More from: Technical

Cloud Providers compromise Domain Security

This just in via email from newsletter@feistyduck.com. More information is available here: https://community.letsencrypt.org/t/important-what-you-need-to-know-about-tls-sni-validation-issues/50811

Cloud provider vulnerability causes Let’s Encrypt to disable SNI domain validation

A major issue with some cloud providers allowed the unauthorized issuance of Let’s Encrypt certificates. Although the issue clearly lies with the cloud providers, Let’s Encrypt nevertheless has decided to disable the corresponding validation method.

Frans Rosén discovered that he could use the SNI validation method from the ACME protocol (https://labs.detectify.com/2018/01/12/how-i-exploited-acme-tls-sni-01-issuing-lets-encrypt-ssl-certs-for-any-domain-using-shared-hosting/) to issue certificates for domains hosted on certain cloud providers. He explicitly mentions Heroku and Amazon CloudFront.

TL;DR: I was able to issue SSL certificates I was not supposed to be able to. AWS CloudFront and Heroku were among the affected. The issue was in the specification of ACME TLS-SNI-01 in combination with shared hosting providers. To be clear, Let’s Encrypt only followed the specification, they did nothing wrong here. Quite the opposite I would say.

The core of the issue is that these providers allow users to upload certificates that the system will serve automatically to TLS requests with the corresponding server name. The ACME SNI validation method uses temporary certificates that end with .acme.invalid.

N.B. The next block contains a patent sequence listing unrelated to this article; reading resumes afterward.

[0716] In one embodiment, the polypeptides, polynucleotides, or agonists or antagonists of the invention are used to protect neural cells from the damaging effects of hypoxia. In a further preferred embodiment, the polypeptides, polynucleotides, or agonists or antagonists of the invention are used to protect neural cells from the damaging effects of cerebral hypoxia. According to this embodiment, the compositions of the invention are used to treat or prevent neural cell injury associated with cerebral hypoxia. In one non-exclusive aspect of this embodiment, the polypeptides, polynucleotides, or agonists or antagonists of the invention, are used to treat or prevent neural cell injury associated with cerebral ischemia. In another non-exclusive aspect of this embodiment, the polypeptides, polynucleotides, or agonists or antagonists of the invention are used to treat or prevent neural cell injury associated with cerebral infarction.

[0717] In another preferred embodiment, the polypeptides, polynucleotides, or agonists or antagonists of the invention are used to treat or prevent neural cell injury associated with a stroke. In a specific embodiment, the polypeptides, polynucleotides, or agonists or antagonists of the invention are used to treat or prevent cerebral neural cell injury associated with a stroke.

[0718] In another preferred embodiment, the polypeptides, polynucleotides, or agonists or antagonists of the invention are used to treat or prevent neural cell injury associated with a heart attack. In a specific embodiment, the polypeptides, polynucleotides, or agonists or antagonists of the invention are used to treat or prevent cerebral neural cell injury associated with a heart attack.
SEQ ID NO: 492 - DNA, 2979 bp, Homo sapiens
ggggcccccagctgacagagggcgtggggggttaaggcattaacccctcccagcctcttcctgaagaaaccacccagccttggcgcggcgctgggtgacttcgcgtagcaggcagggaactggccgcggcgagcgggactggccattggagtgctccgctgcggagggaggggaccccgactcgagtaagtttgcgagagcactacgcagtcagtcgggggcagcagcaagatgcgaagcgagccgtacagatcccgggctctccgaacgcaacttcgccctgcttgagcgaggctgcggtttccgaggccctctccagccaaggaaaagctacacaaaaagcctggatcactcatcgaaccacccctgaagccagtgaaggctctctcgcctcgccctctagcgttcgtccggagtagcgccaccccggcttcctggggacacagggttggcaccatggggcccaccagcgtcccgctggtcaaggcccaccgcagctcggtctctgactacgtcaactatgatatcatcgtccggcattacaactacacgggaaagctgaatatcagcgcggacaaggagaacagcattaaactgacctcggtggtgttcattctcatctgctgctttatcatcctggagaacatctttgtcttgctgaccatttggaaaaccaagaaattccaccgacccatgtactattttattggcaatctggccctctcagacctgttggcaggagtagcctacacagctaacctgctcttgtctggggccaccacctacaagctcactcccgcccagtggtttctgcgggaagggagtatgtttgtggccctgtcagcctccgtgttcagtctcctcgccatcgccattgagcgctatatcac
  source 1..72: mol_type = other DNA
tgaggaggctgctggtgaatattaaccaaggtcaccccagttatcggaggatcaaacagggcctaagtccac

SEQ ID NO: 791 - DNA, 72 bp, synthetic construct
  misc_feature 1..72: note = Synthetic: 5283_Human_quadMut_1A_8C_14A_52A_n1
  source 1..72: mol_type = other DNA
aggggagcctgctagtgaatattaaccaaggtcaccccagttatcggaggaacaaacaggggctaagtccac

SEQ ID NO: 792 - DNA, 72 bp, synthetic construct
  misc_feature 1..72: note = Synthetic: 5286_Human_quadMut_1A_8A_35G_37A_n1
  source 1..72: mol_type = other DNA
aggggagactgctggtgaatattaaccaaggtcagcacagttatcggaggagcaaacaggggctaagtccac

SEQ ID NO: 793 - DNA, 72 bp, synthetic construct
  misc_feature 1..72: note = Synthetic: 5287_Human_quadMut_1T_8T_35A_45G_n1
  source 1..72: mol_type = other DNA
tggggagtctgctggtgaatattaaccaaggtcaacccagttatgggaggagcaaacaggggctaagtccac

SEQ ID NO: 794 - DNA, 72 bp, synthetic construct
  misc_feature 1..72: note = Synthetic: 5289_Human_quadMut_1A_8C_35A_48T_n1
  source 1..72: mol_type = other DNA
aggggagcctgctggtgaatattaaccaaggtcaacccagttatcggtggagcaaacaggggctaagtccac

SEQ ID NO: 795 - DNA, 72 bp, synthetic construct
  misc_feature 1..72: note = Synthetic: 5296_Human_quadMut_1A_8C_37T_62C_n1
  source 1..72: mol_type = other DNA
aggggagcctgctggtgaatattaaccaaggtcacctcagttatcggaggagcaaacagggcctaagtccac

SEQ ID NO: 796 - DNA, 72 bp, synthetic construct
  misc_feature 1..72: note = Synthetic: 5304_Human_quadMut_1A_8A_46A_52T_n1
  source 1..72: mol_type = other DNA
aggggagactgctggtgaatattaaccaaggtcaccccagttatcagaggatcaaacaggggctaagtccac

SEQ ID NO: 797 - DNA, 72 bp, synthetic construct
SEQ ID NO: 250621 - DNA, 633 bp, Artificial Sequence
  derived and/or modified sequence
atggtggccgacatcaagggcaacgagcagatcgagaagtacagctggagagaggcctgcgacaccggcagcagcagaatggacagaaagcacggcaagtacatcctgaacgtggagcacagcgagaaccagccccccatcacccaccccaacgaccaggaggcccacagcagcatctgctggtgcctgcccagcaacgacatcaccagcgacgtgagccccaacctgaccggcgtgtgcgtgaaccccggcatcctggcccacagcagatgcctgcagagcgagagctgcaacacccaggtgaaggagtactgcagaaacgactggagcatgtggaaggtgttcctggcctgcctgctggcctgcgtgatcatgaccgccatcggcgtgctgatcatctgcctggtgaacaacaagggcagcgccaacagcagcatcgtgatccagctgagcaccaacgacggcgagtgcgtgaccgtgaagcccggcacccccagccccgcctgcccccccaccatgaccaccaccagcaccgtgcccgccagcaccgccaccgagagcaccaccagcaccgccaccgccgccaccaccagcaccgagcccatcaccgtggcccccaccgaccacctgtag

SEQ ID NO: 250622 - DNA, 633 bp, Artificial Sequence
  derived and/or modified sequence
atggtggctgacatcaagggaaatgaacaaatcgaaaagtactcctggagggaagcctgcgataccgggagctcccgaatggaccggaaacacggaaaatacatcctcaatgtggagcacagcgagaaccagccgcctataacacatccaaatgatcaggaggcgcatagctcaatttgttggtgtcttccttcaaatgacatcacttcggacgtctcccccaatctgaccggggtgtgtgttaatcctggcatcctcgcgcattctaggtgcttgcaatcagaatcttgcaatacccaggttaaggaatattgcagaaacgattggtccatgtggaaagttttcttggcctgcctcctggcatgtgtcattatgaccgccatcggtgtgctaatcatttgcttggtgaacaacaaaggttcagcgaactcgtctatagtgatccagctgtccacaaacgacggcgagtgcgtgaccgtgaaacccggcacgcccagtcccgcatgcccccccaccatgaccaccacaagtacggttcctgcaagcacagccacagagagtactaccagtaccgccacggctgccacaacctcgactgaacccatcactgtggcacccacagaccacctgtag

After the issue was reported, Let’s Encrypt almost immediately disabled the TLS-SNI-01 validation method. Let’s Encrypt subsequently decided that, with a few exceptions, it will stay disabled. The newer TLS-SNI-02 method is vulnerable as well. A new TLS-SNI-03 method that considers this problem is being developed, but for the time being users should switch to either the HTTP or the DNS validation method.


UI Cause of Hawaii Missile Scare

When salespeople started calling themselves “web designers” web sites became little more than confusing, over packed, repositories for cartoon graphics: lots of color and little clearity. Clean, usable, UI design is one where the human using the interface, hence User Interface, easily knows what to select.

No more than seven (7) actionable items should be on any screen (where the menu counts as one item). No menu should have more than seven (7) choices and there should not be more than three (3) levels to any menu object. Choices should be logically arranged, following international norms and standards (in apps for years we have had File, Edit, View, … Help but sadly there is still not enough cross site predictability on web pages for even menus ending with … About Us, Contact Us, Privacy Policy). “Artistic License” belongs on artistic entertainment web sites, not on business sites employees use to get work done.

From a recent solicitation email from Codecademy.com:

On an otherwise quiet Saturday morning, the State of Hawaii learned the hard way about the consequences of relying on a poorly designed user interface (UI).

An employee at Hawaii’s Emergency Management Agency triggered an emergency alert last Saturday indicating that a ballistic missile was about to hit the islands.